You may be having a stabilisation of the shoulder.

This means that the capsule at the front of the shoulder will be tightened to prevent the shoulder from dislocating. It can be performed arthroscopically (keyhole). The detached labrum in the front of the shoulder is reattached to the glenoid bone and therefore the ligaments are put back in place and tightened. The risk of recurrence is 15 percent.

The operation is done under a general anaesthetic. This carries certain risks to the heart and the lungs.

These risks are very low and only 1 in 1000 patients will have any problem. The risks will be increased if you have a medical condition such as angina, high blood pressure, asthma, airways disease or diabetes or if you are overweight. It is important to discuss any medical condition prior to surgery. Please bring all tablets that you are on when you are coming in.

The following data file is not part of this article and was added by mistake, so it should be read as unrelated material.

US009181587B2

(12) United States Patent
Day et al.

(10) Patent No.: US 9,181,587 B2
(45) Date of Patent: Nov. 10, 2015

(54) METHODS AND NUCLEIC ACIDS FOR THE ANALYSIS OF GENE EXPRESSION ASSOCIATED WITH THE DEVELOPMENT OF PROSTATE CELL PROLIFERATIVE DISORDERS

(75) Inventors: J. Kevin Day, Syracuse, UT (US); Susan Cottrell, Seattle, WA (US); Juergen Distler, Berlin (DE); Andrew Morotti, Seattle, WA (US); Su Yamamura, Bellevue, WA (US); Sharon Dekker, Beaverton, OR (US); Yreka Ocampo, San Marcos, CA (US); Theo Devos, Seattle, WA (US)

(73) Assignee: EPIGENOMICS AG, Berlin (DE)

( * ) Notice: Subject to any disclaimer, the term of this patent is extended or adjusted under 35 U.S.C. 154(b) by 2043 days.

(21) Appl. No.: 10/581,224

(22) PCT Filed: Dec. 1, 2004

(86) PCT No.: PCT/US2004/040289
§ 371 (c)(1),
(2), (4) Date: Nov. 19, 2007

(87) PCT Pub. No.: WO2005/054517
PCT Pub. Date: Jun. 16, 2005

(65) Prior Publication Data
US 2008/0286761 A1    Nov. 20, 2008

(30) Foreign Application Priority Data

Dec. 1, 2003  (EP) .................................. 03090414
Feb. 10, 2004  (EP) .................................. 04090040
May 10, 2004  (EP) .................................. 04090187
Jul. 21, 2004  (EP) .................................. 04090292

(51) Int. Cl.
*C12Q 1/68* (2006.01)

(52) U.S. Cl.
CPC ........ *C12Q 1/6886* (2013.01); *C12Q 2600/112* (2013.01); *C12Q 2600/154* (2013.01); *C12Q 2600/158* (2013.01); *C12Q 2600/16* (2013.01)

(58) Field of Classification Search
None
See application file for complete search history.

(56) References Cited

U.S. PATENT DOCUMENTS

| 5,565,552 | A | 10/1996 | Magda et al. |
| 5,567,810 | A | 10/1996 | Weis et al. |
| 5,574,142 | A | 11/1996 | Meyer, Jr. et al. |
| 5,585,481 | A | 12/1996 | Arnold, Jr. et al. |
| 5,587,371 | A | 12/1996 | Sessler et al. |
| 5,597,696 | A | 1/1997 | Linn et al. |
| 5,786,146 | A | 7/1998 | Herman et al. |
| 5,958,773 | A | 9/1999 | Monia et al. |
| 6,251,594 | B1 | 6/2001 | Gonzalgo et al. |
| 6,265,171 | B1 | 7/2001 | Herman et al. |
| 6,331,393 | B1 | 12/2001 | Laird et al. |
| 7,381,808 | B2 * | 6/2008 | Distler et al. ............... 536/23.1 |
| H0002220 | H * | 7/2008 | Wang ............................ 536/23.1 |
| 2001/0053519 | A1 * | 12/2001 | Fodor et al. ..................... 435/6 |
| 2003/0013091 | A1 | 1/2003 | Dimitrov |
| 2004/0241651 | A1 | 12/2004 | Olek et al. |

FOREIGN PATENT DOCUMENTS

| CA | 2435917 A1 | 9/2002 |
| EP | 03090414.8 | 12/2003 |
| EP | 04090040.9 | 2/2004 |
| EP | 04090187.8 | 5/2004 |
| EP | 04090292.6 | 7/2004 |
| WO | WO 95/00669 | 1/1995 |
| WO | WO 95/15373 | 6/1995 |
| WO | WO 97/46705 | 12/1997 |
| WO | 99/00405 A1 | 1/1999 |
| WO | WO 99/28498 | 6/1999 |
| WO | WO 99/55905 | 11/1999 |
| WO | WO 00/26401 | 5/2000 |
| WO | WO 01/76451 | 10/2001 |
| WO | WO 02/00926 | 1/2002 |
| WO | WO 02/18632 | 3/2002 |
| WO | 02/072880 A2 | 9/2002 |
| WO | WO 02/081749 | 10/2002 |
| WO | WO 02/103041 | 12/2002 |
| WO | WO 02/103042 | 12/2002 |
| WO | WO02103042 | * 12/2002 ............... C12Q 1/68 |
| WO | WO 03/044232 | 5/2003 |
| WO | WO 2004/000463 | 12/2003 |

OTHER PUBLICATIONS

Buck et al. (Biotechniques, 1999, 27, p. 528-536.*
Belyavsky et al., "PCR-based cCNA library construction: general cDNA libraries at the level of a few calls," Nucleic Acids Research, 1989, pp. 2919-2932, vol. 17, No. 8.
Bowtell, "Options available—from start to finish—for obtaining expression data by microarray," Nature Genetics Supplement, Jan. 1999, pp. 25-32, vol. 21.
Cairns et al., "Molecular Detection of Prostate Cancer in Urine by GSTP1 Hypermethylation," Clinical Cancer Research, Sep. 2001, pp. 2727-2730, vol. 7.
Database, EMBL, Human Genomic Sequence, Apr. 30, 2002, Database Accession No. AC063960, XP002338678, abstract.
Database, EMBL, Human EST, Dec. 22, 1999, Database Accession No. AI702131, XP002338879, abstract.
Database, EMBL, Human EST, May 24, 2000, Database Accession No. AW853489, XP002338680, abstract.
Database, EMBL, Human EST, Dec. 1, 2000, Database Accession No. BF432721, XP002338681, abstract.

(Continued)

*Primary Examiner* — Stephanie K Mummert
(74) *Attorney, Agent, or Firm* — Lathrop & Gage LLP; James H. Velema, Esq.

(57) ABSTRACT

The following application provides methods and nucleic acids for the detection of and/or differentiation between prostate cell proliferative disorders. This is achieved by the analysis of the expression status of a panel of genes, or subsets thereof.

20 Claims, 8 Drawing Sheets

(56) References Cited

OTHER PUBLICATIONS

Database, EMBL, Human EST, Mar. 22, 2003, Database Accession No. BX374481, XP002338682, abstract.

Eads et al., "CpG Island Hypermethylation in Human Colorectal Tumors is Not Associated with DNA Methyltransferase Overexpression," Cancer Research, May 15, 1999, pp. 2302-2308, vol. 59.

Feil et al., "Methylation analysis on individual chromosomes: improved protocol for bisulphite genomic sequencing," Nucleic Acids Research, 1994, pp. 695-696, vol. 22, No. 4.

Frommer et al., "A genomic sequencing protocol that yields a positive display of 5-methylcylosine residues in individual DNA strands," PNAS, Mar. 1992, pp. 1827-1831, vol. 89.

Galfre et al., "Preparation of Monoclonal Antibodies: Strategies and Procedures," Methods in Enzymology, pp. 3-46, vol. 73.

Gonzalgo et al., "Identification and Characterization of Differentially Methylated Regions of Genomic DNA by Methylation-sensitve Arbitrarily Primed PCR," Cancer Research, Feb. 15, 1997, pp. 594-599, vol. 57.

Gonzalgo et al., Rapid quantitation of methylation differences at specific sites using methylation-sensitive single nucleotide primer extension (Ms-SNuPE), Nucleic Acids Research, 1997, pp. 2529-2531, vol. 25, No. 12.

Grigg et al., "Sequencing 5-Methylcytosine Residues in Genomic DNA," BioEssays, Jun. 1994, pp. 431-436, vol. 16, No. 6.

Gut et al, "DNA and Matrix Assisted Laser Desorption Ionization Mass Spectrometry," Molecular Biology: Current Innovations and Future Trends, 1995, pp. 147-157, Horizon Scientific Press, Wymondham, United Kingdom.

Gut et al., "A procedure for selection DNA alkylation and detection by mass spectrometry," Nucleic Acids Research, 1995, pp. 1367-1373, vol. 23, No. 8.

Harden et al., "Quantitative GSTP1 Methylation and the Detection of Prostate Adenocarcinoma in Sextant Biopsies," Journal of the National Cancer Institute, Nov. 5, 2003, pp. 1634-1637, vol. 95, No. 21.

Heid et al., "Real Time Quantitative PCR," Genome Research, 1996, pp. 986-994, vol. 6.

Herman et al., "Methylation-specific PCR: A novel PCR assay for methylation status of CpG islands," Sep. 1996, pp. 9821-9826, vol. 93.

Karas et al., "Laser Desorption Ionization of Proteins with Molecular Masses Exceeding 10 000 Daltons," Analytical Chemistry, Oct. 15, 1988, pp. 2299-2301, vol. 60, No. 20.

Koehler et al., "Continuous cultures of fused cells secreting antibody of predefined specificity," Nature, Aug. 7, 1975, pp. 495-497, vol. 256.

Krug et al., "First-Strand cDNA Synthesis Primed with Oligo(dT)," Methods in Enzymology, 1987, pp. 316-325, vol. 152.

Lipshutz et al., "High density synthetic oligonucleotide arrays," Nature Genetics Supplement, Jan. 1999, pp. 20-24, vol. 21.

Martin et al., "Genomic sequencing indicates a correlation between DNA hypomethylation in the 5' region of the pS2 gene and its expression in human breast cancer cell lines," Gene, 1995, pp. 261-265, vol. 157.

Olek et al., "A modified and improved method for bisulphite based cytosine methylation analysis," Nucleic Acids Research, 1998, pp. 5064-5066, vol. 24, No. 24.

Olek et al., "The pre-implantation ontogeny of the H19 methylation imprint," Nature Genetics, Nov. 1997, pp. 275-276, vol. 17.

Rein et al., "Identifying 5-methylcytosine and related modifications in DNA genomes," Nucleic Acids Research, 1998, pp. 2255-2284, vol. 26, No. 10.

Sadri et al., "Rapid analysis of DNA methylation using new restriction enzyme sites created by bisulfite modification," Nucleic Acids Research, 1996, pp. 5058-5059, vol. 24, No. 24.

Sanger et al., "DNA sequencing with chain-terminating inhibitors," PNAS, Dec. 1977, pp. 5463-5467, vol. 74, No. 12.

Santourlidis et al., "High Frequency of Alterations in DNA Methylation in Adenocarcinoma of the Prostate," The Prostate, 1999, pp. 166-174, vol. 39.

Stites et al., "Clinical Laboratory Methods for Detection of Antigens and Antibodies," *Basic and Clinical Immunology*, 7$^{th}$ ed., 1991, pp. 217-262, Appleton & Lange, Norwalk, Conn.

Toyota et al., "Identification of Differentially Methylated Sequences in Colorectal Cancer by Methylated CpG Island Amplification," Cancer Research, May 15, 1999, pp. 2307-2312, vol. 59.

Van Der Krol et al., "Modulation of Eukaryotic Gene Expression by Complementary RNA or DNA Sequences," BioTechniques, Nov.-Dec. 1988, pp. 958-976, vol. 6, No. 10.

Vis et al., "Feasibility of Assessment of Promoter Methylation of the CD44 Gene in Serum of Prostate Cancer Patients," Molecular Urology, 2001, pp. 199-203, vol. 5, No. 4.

Please ring the office if you have a cold or a flu illness.

You may have some numbness around the wound area which rarely is permanent but may last a few months.

There is a 1 in 100 chance of getting a wound infection. This can usually be treated with antibiotics and cleaning of the wound.

You will be in hospital 1 or 2 nights.

After the operation your arm will be in a sling for 6 weeks.

You will be seen again at the clinic after 1 week when your dressing will be taken off.